The Matrix Resurrections is produced against the backdrop of a post-postmodern era in the worst sense. The polarized culture across the nation has created fragments of “reality” among different communities with each living within its own narrative, not only claiming its own “truths” but also competing for dominance. In this environment, discernment of reality proves taxing. Likewise, audiences find themselves struggling together with Neo at the beginning of the movie on telling what reality is. “Am I crazy?” Neo keeps asking himself. And the blue pills that he takes is a strong symbol that he keeps feeding himself with illusions. The tension is even higher than his first encounter with Morpheus in the first film, because he knows he is supposed to be over this and there is no Oracle to guide him this time either. So what is real? Those of us who sit on this side of the Matrix that stare at the silver screen are waiting for the protagonist to finally sort out his reality, that he will once again assume his heroic identity prophesied. The One will battle the archenemy – agent Smith or whoever, whatever – saving the future of mankind one more time. [Pause] We would be disappointed. This is not what it’s about. The Matrix is not telling the story of the digitally constructed fantasy. It is telling our story using different vocabularies.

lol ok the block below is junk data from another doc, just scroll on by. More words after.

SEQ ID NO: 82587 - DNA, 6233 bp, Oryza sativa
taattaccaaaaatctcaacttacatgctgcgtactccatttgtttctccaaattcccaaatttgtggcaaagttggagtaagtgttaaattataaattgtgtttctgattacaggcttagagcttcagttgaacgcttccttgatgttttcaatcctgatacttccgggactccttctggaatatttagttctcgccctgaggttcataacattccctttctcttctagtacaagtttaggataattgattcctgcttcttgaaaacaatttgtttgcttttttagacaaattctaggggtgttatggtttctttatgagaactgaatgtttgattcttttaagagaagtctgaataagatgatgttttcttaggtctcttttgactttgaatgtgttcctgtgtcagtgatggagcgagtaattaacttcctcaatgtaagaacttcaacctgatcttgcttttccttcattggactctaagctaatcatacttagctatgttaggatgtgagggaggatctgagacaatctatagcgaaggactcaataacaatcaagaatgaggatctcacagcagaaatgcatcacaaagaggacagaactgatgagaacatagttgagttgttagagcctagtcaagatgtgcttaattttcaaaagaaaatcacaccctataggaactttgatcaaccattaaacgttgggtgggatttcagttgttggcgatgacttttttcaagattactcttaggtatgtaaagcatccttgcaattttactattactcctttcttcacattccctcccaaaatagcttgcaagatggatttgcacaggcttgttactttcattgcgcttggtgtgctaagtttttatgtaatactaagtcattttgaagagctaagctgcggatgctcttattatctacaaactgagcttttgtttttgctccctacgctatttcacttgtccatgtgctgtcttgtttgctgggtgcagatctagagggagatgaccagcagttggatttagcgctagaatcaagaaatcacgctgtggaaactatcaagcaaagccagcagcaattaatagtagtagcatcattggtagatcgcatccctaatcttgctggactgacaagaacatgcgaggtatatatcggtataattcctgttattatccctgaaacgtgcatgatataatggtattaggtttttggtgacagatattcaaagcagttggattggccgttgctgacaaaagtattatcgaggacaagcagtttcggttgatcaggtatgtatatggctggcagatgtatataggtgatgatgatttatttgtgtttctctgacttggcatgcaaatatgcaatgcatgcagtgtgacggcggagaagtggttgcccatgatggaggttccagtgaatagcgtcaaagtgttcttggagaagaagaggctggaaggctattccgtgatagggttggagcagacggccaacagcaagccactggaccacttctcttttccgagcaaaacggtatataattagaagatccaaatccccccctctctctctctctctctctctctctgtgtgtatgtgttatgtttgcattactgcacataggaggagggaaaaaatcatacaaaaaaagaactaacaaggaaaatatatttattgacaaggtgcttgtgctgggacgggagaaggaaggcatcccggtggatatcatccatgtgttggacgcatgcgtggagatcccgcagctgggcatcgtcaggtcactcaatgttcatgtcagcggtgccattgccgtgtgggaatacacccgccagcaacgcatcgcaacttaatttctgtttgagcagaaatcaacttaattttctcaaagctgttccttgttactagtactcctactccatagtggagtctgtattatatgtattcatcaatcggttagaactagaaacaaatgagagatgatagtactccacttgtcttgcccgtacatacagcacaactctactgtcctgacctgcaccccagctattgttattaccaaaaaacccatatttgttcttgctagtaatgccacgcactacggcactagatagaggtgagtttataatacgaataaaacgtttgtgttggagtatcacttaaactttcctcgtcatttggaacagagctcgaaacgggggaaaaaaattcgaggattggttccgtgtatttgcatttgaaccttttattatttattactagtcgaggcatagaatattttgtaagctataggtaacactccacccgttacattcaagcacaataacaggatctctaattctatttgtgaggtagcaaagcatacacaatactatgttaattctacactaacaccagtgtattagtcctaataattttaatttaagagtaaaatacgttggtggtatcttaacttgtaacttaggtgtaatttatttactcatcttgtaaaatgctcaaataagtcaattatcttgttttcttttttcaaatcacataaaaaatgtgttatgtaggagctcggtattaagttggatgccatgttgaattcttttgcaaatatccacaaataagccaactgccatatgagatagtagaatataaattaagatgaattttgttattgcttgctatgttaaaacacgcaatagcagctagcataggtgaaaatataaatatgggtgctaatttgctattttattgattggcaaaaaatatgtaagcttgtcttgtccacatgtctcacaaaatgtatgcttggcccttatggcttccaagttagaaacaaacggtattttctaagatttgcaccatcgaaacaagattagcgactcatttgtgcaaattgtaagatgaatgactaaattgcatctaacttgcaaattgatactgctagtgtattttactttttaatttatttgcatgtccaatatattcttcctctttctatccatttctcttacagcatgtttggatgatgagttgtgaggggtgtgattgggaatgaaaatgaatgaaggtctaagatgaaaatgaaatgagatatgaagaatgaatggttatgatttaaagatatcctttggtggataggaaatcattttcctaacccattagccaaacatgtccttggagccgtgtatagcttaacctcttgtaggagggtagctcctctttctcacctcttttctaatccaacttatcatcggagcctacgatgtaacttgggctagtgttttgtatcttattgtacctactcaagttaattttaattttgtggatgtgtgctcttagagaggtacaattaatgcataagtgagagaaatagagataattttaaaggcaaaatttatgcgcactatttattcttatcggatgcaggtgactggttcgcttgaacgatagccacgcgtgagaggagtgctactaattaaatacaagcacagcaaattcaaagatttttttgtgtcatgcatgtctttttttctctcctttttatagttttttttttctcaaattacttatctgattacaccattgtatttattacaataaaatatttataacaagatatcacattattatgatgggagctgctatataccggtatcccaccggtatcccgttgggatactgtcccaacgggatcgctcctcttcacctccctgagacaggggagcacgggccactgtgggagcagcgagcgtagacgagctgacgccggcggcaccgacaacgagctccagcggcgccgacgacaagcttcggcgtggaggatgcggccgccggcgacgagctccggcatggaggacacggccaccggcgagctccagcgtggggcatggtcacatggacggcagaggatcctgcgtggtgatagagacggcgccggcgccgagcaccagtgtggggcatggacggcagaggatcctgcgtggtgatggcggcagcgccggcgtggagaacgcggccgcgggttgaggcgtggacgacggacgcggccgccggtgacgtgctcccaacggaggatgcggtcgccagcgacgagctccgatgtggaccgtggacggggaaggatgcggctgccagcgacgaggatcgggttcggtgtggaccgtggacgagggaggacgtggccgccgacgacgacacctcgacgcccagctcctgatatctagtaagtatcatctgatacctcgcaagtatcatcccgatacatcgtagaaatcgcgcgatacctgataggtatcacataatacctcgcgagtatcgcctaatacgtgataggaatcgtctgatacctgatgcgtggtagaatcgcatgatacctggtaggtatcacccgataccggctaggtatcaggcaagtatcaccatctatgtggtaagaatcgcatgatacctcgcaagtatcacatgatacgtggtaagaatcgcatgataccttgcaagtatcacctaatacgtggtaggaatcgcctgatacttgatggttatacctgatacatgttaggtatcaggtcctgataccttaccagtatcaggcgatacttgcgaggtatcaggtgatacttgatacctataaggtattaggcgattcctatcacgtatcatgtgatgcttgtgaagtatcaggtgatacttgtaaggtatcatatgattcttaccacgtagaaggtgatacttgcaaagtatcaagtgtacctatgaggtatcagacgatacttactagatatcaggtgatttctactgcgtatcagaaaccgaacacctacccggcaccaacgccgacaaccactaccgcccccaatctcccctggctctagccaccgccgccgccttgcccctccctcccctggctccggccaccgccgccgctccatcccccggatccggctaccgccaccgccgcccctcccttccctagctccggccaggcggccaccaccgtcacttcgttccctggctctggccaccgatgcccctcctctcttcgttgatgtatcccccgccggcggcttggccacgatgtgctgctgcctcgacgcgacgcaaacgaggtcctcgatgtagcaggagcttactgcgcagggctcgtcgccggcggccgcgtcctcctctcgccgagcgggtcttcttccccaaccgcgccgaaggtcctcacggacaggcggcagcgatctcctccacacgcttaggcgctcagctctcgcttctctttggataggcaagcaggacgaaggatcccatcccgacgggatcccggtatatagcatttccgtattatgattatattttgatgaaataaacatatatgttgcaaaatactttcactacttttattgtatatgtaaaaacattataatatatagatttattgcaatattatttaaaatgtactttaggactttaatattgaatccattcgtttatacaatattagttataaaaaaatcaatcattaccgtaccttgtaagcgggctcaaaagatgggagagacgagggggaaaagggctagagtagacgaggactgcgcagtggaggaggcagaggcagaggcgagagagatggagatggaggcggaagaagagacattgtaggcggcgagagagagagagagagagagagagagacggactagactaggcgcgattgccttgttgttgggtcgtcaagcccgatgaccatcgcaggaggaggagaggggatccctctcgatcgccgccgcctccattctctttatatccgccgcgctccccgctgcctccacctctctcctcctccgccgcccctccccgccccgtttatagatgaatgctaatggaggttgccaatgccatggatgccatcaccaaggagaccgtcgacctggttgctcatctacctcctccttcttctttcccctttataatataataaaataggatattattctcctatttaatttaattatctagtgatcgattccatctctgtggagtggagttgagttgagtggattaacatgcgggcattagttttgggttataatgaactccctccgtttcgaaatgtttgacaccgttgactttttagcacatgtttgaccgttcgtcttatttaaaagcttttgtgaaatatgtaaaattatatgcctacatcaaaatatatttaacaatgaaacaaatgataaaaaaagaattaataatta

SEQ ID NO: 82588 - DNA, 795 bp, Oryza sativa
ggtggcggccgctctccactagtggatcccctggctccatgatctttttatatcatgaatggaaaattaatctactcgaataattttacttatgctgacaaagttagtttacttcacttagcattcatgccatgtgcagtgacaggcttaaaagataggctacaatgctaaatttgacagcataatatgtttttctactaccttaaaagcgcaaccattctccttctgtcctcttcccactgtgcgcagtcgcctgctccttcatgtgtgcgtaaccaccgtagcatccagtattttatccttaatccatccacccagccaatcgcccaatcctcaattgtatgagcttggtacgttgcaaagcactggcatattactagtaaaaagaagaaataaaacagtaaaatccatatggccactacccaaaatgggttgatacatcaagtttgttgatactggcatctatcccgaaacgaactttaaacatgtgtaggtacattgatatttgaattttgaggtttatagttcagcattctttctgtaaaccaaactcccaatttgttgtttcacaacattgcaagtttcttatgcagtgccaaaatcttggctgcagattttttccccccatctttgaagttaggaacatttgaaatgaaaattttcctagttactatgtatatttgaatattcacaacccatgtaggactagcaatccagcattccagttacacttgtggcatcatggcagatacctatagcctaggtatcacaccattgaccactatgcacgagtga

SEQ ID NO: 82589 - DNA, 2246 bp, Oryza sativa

In the counseling scene, Neo’s therapist gives a perfect explanation of what actually happened. “It was your great ambition to make a game that was indistinguishable from reality. To achieve this goal, you converted elements of your life into narrative. Your sublimated anger toward your business partner cast him as your nemesis. A married woman named Tiffany became the “Trinity” of a domed romance.” In our reality, the same exact happened. Elements of our lives are used to construct into narratives. In these narratives, we face existential dangers. Our world is racing toward ruins – either by the liberals, the radical right, or whoever needed for the moment. Like Neo, we live in our own Matrix, and it is also indistinguishable from reality. This Matrix “weaponizes every idea, every dream, everything that’s important to us (Bugs).” The game designers say this: “Obviously, The Matrix is about trans politics, Cryptofascism. It is a metaphor for capitalist exploitation.” How is it that The Matrix is not about our story?